Because it was what's familiar to me:  One could say the same of domestic violence.  Children who grow up in homes in which domestic violence regularly occurs are familiar with domestic violence.  They also often grow up only to repeat the pattern.  Familiarity with something harmful doesn't make it less so.  Often, we cling to the familiar even when we know it's not good for us because we derive a false sense of security from the very familiarity of it.  That is one of the reasons victims often remain in abusive relationships.  As with the argument "because it's what our families have done for generations," the mere fact that something has persisted or simply that one is familiar with it is not, in and of itself, a valid reason to go on doing it. 

Because it was what I thought was best when he was born:  Implicit in this statement is its antithesis: that, while you may once have thought cutting off part of your son's genitals was the best possible thing you could do for him (it sounds absurd when phrased that way, doesn't it?) you now no longer are quite so sure.  If that is true - and I dearly hope it is - you should consider that there is no shame in learning and growing.  It is something of a mantra in intactivist circles that when we know better, we do better.  I don't question your sincerity and I don't doubt that you did what you thought best at the time.  But that doesn't mean that it was best, and it doesn't mean that you should now dig in your heels just to save face.  It is far less blameworthy to be wrong and to learn from one's mistakes than it is to be intransigent.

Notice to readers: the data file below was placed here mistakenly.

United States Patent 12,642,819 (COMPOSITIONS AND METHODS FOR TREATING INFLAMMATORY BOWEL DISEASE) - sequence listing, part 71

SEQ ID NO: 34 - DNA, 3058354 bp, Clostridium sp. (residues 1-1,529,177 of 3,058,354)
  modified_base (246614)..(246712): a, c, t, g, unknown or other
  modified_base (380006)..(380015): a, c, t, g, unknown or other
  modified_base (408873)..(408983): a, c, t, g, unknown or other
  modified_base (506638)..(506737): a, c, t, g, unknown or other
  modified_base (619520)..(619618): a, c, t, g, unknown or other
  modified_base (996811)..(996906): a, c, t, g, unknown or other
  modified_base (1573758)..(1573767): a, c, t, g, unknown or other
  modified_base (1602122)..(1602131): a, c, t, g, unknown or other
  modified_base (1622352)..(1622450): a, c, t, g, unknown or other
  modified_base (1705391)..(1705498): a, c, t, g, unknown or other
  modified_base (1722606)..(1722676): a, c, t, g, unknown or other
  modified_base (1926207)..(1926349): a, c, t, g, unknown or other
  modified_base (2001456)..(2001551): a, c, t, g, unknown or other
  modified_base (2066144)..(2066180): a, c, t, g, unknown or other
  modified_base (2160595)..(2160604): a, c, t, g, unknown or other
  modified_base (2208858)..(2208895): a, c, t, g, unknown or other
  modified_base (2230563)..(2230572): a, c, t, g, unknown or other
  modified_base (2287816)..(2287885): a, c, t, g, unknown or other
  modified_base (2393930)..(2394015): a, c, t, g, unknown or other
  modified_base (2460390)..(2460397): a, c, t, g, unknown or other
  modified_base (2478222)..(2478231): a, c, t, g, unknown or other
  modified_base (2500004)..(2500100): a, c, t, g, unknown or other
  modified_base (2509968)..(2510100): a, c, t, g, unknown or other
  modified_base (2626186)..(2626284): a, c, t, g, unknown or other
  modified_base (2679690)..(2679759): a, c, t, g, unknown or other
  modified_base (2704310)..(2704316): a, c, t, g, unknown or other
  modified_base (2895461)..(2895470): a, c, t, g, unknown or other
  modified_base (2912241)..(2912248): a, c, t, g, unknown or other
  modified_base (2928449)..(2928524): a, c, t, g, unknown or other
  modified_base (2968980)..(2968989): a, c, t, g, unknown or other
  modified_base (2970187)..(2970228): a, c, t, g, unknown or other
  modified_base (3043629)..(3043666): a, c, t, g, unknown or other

Because I only need to do right by my family:  No - you needed to do right by your son. Male genital mutilation isn't a "family" decision just as it isn't something that the entire family undergoes.  You write in your essay - or list -  that "there are some decisions that are personal and affect only us."  But it didn't affect you  - singular or plural - it affected your son.  It was only he who had a crucial part of his penis cut off  -  not you, and not your daughter.  So please stop speaking about your son's unnecessary and irreversible genital surgery as though it were a harmless family affair in which all were equally involved, all had equal input, and all were equally affected.